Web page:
The survey shows improvements in communication since it was last carried out in 2003 and 2004, but the survey results also highlight some key areas of concern.
RFA: The Renewable Fuels Agency has released provisional data on biofuels supplied to UK forecourts in the first 6 months of the RTFO. Several fossil fuel companies (ConocoPhillips, Greenergy and Mabanaft) are currently above all three of the Government's 2008/09 targets for biofuel sustainability, showing that good performance is achievable.
However, the RFA is disappointed that other companies are currently well below some targets. In particular, Chevron, Esso, Murco, Prax and Topaz have so far failed to supply any fuel meeting sustainability standards, with Prax and Topaz failing to report any data at all on the origins of their biofuels. This suggests that it is unlikely that these companies will meet the Government target for the year that 30% of biofuel should meet environmental sustainability standards.
General Reports and Other Publications
CRC: The Commission for Rural Communities are pleased to support the publication of Nice work if you can get it: Achieving a sustainable solution to low pay and in-work poverty, published by the Institute for Public Policy Research (IPPR).
Low pay & in-work poverty are persistent features in some rural labour markets. In-work poverty is increasing and this report highlights a need to address the prevalence of low skilled, low paid jobs in rural areas.
ScotGov: A new map highlighting 'hot spots', where confirmed poisoning of birds of prey has taken place over the last five years in Scotland, has been published. The Government-verified map marks agreement among Partnership for Action against Wildlife Crime (PAW), Scotland's partner organisations on the size & general location of the problem of poisonings.
Led by PAW Scotland members RSPB Scotland and the Scottish Rural Property and Business Association (SRPBA), the new map was compiled using data held by the Scottish Agricultural Science Agency (SASA). The final result displays the number & frequency of confirmed poisoning incidents over the past 5 years.
MoD: The Defence Information Infrastructure (DII) is a major IT programme which the Mod claims is already delivering benefits to the UK's front-line troops and to the wider Ministry of Defence (MoD). It is one of the largest IT projects in Europe and will provide a single, secure and coherent computer infrastructure across the whole of Defence while maintaining essential operational continuity.
The MoD claims that a new Public Accounts Committee report acknowledges that the performance of the DII programme has improved. However, rapid improvement to the current 4,300 terminals a month rollout will be needed if the Department’s latest deadlines are to be met.
The PCS union who have 16,000 members in the MoD welcomed the PAC report by the, which they claim heavily criticises the MoD's £7bn DII project and which they say highlights concerns previously identified by PCS that DII suffered from bad planning from the start and was now 18 months behind schedule with programme costs having already overrun by £182m.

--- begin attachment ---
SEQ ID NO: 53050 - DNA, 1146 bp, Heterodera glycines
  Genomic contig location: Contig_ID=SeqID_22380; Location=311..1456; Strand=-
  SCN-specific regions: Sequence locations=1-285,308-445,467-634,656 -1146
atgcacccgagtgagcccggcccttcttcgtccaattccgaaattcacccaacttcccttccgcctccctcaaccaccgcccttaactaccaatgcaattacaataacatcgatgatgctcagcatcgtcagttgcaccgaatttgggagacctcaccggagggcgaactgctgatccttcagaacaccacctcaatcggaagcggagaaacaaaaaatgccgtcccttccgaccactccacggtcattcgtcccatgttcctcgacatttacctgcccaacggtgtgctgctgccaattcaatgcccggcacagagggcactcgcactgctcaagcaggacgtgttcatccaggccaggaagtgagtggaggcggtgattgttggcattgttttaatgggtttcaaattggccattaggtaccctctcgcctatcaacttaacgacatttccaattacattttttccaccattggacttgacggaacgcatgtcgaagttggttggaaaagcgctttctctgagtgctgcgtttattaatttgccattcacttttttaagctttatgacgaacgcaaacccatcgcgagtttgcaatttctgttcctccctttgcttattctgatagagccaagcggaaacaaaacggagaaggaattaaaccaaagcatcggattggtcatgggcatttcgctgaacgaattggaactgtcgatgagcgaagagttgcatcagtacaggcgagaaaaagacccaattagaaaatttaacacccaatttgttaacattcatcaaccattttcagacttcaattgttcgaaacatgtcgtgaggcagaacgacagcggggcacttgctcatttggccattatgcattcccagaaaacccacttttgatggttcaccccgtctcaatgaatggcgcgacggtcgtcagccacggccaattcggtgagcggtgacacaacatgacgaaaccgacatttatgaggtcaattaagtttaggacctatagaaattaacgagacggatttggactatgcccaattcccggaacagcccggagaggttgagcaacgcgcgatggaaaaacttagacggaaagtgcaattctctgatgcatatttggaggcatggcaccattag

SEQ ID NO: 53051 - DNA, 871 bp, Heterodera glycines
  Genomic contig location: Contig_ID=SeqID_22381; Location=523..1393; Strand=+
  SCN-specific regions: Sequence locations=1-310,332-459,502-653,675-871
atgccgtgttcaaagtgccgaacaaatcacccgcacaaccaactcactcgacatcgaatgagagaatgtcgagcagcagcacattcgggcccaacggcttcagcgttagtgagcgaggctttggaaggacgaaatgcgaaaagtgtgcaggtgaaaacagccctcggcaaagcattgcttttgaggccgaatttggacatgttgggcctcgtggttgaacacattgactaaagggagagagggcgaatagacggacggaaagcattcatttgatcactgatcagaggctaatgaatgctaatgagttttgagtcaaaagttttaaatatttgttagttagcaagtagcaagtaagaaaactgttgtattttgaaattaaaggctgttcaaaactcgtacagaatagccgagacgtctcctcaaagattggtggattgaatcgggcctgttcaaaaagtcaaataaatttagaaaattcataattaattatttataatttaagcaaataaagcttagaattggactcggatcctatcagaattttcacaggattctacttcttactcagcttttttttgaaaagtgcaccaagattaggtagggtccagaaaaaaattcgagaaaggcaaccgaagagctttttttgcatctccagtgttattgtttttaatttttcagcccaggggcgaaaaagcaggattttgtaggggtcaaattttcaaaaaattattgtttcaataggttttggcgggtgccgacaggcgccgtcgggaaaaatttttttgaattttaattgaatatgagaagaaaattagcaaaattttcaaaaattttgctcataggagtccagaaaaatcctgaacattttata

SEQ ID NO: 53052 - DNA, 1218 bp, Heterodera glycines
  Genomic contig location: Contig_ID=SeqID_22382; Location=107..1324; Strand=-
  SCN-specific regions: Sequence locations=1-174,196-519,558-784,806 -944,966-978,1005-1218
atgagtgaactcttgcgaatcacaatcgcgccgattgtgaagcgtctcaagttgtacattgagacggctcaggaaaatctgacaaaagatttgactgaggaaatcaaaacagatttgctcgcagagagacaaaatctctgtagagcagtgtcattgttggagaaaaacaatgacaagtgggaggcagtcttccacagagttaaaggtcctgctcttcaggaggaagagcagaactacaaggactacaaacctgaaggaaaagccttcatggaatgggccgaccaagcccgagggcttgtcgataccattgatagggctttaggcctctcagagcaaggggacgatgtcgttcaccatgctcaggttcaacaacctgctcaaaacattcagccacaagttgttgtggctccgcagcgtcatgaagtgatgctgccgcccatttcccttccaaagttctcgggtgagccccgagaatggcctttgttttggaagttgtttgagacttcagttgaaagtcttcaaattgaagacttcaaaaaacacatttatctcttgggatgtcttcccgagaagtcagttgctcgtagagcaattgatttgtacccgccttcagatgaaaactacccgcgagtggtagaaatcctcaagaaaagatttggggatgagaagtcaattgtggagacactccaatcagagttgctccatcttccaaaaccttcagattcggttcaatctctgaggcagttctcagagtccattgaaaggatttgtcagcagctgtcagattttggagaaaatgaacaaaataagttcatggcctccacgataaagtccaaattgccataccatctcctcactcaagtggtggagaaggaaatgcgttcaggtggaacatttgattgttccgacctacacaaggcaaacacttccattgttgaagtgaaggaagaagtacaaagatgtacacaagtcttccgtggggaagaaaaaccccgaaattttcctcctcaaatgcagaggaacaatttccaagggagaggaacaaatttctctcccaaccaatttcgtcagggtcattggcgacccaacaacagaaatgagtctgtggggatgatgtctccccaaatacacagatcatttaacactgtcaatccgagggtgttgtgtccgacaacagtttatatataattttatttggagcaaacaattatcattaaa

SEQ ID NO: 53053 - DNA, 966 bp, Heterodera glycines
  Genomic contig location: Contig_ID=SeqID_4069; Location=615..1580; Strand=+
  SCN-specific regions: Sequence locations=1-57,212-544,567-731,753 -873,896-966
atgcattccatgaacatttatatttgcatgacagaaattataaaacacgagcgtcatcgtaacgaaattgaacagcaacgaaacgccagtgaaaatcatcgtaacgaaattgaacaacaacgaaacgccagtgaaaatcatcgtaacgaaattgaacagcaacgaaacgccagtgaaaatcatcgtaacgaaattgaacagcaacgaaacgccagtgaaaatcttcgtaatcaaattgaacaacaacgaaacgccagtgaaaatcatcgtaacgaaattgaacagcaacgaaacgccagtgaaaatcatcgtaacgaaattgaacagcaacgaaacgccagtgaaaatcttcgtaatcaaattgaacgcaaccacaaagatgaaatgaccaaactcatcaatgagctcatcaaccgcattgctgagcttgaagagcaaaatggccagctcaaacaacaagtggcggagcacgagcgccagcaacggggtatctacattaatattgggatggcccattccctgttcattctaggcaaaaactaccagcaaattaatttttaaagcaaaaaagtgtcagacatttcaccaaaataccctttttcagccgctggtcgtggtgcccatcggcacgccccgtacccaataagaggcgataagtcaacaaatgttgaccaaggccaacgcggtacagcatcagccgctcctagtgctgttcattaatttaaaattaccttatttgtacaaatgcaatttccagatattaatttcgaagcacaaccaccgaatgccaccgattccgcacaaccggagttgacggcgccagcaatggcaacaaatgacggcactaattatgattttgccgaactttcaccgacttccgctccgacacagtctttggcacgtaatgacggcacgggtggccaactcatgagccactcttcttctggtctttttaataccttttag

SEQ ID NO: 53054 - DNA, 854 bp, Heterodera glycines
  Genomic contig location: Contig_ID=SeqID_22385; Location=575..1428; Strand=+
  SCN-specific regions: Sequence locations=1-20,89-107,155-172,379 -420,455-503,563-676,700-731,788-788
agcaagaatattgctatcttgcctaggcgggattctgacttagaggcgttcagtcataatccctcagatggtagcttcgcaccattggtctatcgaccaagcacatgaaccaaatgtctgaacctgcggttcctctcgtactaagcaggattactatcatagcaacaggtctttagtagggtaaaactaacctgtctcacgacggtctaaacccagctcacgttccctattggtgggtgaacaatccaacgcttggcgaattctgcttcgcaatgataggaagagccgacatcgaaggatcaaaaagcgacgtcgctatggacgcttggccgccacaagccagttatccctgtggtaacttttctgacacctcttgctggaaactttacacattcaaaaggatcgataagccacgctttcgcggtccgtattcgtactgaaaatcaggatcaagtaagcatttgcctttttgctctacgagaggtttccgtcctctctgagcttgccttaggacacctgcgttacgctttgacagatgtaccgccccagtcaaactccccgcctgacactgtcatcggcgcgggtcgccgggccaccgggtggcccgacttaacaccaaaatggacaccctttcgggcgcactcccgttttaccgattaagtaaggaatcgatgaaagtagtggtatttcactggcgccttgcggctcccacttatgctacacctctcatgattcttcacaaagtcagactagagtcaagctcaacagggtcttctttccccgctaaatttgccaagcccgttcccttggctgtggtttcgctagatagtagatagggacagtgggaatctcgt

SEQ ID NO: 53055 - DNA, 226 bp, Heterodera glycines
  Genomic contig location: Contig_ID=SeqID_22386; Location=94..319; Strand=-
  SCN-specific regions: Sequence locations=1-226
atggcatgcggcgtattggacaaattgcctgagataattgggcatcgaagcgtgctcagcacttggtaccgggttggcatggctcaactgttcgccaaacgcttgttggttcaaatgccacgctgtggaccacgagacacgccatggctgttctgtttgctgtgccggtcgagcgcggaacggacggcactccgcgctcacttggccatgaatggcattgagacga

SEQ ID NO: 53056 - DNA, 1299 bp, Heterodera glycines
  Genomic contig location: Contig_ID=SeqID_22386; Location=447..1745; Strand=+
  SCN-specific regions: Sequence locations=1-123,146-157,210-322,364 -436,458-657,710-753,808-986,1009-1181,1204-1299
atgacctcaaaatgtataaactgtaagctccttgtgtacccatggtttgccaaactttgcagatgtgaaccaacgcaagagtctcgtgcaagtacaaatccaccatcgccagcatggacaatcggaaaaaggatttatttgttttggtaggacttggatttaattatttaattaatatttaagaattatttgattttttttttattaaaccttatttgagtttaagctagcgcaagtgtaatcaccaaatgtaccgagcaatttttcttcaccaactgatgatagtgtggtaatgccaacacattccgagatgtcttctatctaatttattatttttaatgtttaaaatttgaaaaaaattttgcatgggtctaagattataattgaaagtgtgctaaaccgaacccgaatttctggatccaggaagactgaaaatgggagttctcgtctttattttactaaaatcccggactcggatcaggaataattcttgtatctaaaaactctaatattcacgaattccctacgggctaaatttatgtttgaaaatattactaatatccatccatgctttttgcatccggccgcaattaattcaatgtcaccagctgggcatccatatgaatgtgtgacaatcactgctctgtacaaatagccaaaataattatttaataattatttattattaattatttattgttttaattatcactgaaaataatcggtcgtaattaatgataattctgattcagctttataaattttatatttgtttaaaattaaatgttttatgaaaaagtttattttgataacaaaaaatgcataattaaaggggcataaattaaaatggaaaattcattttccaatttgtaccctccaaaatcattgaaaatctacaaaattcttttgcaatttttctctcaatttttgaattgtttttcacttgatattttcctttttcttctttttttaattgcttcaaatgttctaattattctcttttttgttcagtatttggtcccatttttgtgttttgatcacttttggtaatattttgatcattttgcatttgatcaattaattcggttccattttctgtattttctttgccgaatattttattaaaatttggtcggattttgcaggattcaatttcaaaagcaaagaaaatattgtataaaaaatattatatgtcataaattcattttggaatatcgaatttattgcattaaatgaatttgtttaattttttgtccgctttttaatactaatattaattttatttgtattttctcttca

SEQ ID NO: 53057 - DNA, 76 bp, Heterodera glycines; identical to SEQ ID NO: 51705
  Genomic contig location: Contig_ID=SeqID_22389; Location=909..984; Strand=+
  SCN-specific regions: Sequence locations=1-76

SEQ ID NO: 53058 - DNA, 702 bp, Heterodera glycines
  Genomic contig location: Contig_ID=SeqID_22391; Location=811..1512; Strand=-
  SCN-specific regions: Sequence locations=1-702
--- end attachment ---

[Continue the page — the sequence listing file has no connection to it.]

It also pointed out that ATLAS, led by EDS, had delivered less than half of the software designed to run on the new system and that MoD staff were dissatisfied with the new system. The report also highlighted that the delays in implementing DII had increased the risks that one of the MoD’s legacy systems could fail and also pointed to concerns over the security aspects of DII and the MoD’s record on data loss.
ScotGov: The Scottish Government has published its response to the Council of Economic Advisers' (CEA) First Annual Report. First Minister Alex Salmond said that one of the recommendations, borrowing powers for the Scottish Parliament alongside the Government's six point economic recovery plan, would help Scotland emerge from the economic downturn stronger and more competitive.
OFT: The OFT has published the evaluation report of its consumer education toolkit 'Skilled to Go', whichwas launched in June 2008 and which aims to help adult learners develop consumer skills such as writing a letter of complaint, buying goods such as a mobile phone, and calculating discounts on products.
‘Skilled to Go' offers learning resources for teachers in the form of activities such as games, quizzes, listening & video activities, a range of tactile materials as well as comprehensive teacher notes and background consumer information.
Almost half of further education colleges in the UK have now signed up to use 'Skilled to Go' on the OFT website, and the toolkit is now being used in secondary schools in Scotland. The toolkit is free to users and is designed to increase the consumer confidence and knowledge of learners.
Legislation / Legal
NE: Natural England has lodged an appeal against the judgment in the Easton Bavents High Court case brought last month by Mr Peter Boggis. Shaun Thomas, Regional Director of Natural England, said: “The High Court’s judgment has unintended consequences that go far beyond the specifics of the case. It threatens to stifle the ways in which advice and expert opinion can be used to inform planning and development decisions and poses a real risk of unnecessary bureaucracy”.